seamus dubhghaill

Promoting Irish Culture and History from Little Rock, Arkansas, USA


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Birth of John Boland, Politician & Olympic Medalist

John Mary Pius Boland, Irish Nationalist politician, is born at 135 Capel Street, Dublin, on September 16, 1870. He serves as a Member of Parliament (MP) in the House of Commons of the United Kingdom of Great Britain and Ireland and as a member of the Irish Parliamentary Party for South Kerry (1900–1918). He is also noteworthy as a gold medalist tennis player at the first modern Olympics in Athens in 1896.

Boland is born to Patrick Boland (1840–1877), businessman, and Mary Donnelly. Following the death of his mother in 1882, he is placed with his six siblings under the guardianship of his uncle Nicholas Donnelly, auxiliary bishop of Dublin.

Boland is educated at two private Catholic schools, one Irish, the second English, and both of whose existence and evolution are influenced by John Henry Newman – the Catholic University School, Dublin, and The Oratory School, Birmingham. His secondary education at the two schools helps give him the foundation and understanding to play an influential role in the politics of Great Britain and Ireland at the beginning of the 20th century, when he is a member of the Irish Parliamentary Party which pursues constitutional Home Rule.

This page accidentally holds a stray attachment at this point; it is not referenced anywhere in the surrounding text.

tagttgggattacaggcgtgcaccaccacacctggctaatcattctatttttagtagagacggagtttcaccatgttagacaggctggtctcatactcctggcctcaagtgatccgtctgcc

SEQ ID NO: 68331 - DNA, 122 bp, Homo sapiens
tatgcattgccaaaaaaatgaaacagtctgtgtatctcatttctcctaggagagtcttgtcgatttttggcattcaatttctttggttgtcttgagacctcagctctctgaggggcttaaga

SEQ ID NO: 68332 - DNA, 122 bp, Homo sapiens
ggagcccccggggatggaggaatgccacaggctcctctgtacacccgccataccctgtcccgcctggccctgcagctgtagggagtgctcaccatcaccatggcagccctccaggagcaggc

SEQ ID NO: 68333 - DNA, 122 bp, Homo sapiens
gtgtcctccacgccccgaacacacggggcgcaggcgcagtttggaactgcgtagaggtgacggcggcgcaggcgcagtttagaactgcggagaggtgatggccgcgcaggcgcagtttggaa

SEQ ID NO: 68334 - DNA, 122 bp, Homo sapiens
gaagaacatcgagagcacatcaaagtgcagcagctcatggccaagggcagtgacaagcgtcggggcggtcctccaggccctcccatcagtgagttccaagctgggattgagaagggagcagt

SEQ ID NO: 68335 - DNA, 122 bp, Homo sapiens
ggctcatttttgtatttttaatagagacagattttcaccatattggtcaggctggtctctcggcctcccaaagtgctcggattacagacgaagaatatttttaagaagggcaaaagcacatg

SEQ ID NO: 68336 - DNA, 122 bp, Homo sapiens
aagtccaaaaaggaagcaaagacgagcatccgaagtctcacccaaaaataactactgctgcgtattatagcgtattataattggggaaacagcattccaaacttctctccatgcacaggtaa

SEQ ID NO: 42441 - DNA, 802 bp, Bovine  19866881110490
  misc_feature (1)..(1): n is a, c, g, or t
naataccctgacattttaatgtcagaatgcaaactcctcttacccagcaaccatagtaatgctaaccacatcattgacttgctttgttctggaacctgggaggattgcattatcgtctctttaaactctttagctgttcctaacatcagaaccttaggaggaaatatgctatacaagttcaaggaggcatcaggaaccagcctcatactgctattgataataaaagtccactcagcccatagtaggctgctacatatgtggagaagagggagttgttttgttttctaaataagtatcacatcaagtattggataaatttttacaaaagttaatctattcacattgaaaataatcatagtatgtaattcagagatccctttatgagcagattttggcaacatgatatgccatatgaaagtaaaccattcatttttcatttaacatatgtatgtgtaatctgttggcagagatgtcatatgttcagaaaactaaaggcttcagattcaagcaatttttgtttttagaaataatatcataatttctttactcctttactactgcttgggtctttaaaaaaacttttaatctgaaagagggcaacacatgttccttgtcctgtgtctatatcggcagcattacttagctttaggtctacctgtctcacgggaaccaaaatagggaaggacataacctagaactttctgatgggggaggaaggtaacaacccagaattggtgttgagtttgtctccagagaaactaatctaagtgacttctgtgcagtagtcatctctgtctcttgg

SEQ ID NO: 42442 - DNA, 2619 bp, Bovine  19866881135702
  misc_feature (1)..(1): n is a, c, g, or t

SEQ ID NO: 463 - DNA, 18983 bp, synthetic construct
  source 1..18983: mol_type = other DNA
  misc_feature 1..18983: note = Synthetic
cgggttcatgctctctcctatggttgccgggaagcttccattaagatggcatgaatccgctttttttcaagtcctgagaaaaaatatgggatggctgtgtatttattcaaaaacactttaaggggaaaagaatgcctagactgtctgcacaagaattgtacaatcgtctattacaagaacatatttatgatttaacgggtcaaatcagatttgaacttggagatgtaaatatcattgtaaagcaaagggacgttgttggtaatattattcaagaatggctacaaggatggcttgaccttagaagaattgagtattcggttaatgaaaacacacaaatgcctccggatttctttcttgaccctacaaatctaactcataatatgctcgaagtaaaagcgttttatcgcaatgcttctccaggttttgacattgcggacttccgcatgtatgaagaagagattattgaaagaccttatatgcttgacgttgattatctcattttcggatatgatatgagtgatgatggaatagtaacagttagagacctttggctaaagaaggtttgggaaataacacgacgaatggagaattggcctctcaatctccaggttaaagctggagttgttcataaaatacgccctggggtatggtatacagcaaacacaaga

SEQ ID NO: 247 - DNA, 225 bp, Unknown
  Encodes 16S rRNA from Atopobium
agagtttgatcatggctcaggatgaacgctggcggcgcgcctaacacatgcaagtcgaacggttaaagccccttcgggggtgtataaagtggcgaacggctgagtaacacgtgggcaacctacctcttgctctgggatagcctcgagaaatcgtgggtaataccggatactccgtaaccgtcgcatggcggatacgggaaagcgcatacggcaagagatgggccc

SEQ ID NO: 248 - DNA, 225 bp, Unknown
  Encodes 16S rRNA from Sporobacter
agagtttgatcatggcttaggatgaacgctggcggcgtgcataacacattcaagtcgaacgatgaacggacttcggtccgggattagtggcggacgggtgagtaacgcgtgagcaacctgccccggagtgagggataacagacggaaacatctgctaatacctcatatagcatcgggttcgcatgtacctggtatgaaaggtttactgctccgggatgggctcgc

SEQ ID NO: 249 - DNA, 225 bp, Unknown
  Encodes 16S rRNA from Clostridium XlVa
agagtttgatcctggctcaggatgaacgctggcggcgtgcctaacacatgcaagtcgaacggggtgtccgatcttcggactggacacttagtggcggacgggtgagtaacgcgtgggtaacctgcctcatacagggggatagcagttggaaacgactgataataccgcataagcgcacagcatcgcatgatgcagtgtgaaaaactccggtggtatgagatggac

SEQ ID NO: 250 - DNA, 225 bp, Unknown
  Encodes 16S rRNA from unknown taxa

In 1892 Boland graduates with a BA from London University. He studies for a semester in Bonn, Germany, where he is a member of Bavaria Bonn, a student fraternity that is member of the Cartellverband. He studies law at Christ Church, Oxford, graduating with a BA in 1896 and MA in 1901. Although called to the Bar in 1897, he never practises.

Boland is the first Olympic champion in tennis for Great Britain and Ireland at the first modern Olympics, which takes place in Athens in 1896. He visits his friend Thrasyvoulos Manos in Athens during the Olympics, and Manos, a member of the organising committee, enters Boland in the tennis tournament. Boland promptly wins the singles tournament, defeating Friedrich Traun of Germany in the first round, Evangelos Rallis of Greece in the second, Konstantinos Paspatis of Greece in the semifinals, and Dionysios Kasdaglis of Greece in the final.